Employer Claims Ownership of Twitter Account in Lawsuit

employee screening, employee background checkIn today’s business world, many firms hire a social media manager , who is in charge of a company’s Facebook page, Twitter account, YouTube channel, and other social media marketing platforms. They’re tasked with promoting the company, gaining followers and engaging customers.

In other organizations, employees have a looser affiliation with the company’s official social media presence. They may have a personal Twitter account where they post both business and individual messages.

A new lawsuit is bringing the value of a social media account into question. Namely, can a company claim ownership of an employee’s social media account?

In this case, an employee for Phonedog.com, a mobile phone site, set up a Twitter account under the handle Phonedog_Noah that grew to 17,000 followers. He left the company, which at the time said he could keep his Twitter account if he tweeted on the company’s behalf from time to time. He agreed and changed his handle, but kept his followers.

Eight months later, PhoneDog Media sued him, saying the follower list was a customer list that the company owned. It sought damages of $2.50 per follower per month—a total of $340,000. The employee claims the suit is in retaliation for his own lawsuit against PhoneDog for unpaid wages and profits. He also disputes the worth of the Twitter followers.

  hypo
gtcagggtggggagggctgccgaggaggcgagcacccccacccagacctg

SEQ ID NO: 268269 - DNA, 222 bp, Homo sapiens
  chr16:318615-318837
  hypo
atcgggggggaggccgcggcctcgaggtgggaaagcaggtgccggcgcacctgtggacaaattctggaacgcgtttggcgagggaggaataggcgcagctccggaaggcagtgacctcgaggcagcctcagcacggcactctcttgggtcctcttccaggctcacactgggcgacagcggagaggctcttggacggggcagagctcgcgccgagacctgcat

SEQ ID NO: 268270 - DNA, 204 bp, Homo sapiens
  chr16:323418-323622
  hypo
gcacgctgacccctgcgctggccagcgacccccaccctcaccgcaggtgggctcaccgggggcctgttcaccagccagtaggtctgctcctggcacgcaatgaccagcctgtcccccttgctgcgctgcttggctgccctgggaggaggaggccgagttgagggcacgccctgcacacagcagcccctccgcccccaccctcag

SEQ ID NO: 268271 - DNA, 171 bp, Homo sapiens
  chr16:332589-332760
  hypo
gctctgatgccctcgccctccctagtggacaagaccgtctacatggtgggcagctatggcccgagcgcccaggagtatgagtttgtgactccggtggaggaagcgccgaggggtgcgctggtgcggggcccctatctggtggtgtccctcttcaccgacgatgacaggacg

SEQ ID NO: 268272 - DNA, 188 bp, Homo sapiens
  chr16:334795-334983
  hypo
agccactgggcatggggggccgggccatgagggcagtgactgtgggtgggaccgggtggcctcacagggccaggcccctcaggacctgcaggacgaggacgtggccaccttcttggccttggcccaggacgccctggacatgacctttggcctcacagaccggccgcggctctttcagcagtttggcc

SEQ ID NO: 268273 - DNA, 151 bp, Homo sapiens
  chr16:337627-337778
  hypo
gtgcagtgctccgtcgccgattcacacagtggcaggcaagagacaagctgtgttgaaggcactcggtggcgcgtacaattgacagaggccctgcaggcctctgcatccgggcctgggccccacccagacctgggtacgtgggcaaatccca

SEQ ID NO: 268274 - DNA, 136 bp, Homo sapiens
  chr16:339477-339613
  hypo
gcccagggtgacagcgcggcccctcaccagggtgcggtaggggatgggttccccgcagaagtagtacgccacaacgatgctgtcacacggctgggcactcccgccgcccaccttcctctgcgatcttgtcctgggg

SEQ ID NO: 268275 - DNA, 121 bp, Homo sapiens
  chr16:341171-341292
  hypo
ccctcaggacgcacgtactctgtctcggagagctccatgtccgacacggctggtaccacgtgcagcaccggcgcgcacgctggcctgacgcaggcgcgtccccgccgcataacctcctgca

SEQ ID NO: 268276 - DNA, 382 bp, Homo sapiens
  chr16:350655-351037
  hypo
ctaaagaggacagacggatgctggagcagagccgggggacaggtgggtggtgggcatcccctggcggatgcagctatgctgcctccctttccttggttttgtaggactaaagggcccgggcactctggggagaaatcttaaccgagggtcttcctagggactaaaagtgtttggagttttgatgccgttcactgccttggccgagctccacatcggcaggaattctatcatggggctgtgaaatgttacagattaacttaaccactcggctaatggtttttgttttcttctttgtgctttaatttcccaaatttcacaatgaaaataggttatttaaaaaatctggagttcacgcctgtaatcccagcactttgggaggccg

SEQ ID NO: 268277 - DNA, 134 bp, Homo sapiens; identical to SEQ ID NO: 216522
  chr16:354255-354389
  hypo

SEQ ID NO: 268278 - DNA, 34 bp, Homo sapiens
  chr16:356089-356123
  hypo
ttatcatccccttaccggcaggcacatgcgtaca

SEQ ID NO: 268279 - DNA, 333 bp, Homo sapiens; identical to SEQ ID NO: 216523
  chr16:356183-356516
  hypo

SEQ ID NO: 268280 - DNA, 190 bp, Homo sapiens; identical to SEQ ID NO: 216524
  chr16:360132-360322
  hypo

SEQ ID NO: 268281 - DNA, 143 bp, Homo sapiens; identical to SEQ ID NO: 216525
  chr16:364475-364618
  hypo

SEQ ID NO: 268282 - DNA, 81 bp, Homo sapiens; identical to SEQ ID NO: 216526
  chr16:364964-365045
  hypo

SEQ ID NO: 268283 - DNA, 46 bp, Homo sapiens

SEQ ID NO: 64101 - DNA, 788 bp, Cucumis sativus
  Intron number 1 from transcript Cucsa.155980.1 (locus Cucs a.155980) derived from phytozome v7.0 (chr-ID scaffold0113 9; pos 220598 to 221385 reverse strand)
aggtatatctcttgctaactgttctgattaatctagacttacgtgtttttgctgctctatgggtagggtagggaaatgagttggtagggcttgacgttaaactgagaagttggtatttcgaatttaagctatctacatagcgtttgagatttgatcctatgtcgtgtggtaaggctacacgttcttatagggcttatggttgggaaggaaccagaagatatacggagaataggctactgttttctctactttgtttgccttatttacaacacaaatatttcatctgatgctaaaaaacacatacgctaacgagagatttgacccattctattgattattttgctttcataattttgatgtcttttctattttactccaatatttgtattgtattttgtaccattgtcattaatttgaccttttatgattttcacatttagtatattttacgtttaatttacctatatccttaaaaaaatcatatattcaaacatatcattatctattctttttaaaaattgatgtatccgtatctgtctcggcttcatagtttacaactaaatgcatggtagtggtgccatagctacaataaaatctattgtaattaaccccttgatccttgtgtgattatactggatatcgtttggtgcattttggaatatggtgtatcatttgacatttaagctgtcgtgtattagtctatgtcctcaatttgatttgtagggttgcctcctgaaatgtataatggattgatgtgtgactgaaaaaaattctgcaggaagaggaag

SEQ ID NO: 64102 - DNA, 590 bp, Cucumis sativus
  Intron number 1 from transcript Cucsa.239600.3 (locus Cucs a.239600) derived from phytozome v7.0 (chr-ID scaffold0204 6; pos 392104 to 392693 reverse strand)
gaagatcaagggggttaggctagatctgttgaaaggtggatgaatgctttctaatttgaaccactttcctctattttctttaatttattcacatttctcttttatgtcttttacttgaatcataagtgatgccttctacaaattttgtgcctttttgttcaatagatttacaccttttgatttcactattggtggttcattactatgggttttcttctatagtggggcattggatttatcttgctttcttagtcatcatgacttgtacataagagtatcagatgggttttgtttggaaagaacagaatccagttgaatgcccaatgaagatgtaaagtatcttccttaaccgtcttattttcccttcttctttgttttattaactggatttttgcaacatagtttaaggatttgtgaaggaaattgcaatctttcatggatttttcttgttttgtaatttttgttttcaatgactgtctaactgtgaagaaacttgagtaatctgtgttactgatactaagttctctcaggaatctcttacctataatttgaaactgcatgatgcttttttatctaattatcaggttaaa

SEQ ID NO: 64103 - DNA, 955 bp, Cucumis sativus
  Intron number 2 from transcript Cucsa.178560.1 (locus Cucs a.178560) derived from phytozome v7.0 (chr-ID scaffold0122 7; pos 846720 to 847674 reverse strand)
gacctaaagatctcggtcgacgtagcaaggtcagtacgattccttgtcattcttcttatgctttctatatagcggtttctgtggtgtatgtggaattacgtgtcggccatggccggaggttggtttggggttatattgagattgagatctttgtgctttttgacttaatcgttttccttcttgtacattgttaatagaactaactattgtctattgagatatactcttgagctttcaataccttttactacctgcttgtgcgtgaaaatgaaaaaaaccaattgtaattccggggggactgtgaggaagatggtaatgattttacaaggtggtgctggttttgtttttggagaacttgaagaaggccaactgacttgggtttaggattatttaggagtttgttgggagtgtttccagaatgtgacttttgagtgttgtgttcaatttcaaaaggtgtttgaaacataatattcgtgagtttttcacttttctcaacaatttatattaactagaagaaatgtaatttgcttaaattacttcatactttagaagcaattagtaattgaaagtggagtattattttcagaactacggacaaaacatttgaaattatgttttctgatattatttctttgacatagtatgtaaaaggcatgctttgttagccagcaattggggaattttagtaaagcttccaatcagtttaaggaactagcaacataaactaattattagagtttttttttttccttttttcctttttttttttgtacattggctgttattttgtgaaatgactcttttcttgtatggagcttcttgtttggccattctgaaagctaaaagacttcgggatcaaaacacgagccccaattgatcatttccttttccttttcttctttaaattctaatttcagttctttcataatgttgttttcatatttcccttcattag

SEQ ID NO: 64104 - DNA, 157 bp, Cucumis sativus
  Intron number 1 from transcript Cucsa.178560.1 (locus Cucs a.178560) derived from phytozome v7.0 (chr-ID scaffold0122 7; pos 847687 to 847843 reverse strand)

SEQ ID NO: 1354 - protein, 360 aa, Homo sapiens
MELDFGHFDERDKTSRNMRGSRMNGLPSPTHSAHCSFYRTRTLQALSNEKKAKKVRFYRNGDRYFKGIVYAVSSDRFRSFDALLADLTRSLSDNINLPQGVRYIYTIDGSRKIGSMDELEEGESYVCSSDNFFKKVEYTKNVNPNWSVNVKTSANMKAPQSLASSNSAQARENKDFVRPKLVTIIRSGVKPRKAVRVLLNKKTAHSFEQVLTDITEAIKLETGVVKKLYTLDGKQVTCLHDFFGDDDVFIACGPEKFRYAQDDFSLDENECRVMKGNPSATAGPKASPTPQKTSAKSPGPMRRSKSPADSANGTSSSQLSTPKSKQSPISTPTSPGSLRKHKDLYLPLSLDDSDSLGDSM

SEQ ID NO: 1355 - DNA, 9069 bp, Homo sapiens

This case puts the spotlight on an increasingly difficult problem for many employers. While tweeting and posting to Facebook or LinkedIn are often assumed to be an employee’s prerogative, which can improve (or at times, harm) the company’s reputation, while enabling employees to network and learn information that can improve their job performance.

The California District Court, which is hearing the case, may issue a ruling that puts the decision back in Twitter’s hands. After all, Twitter owns the entire site and everything that happens on it.

Companies that wish to avoid such interruptions and expenses should immediately craft clear social media policies, covering questions about ownership and portability.

When hiring new employees, be sure to conduct proper background screening. The best pre-employment screening process includes employee background checks, employee credit checks, and criminal background checks. You’ll know you’re hiring safe when you screen employees before offering a position.

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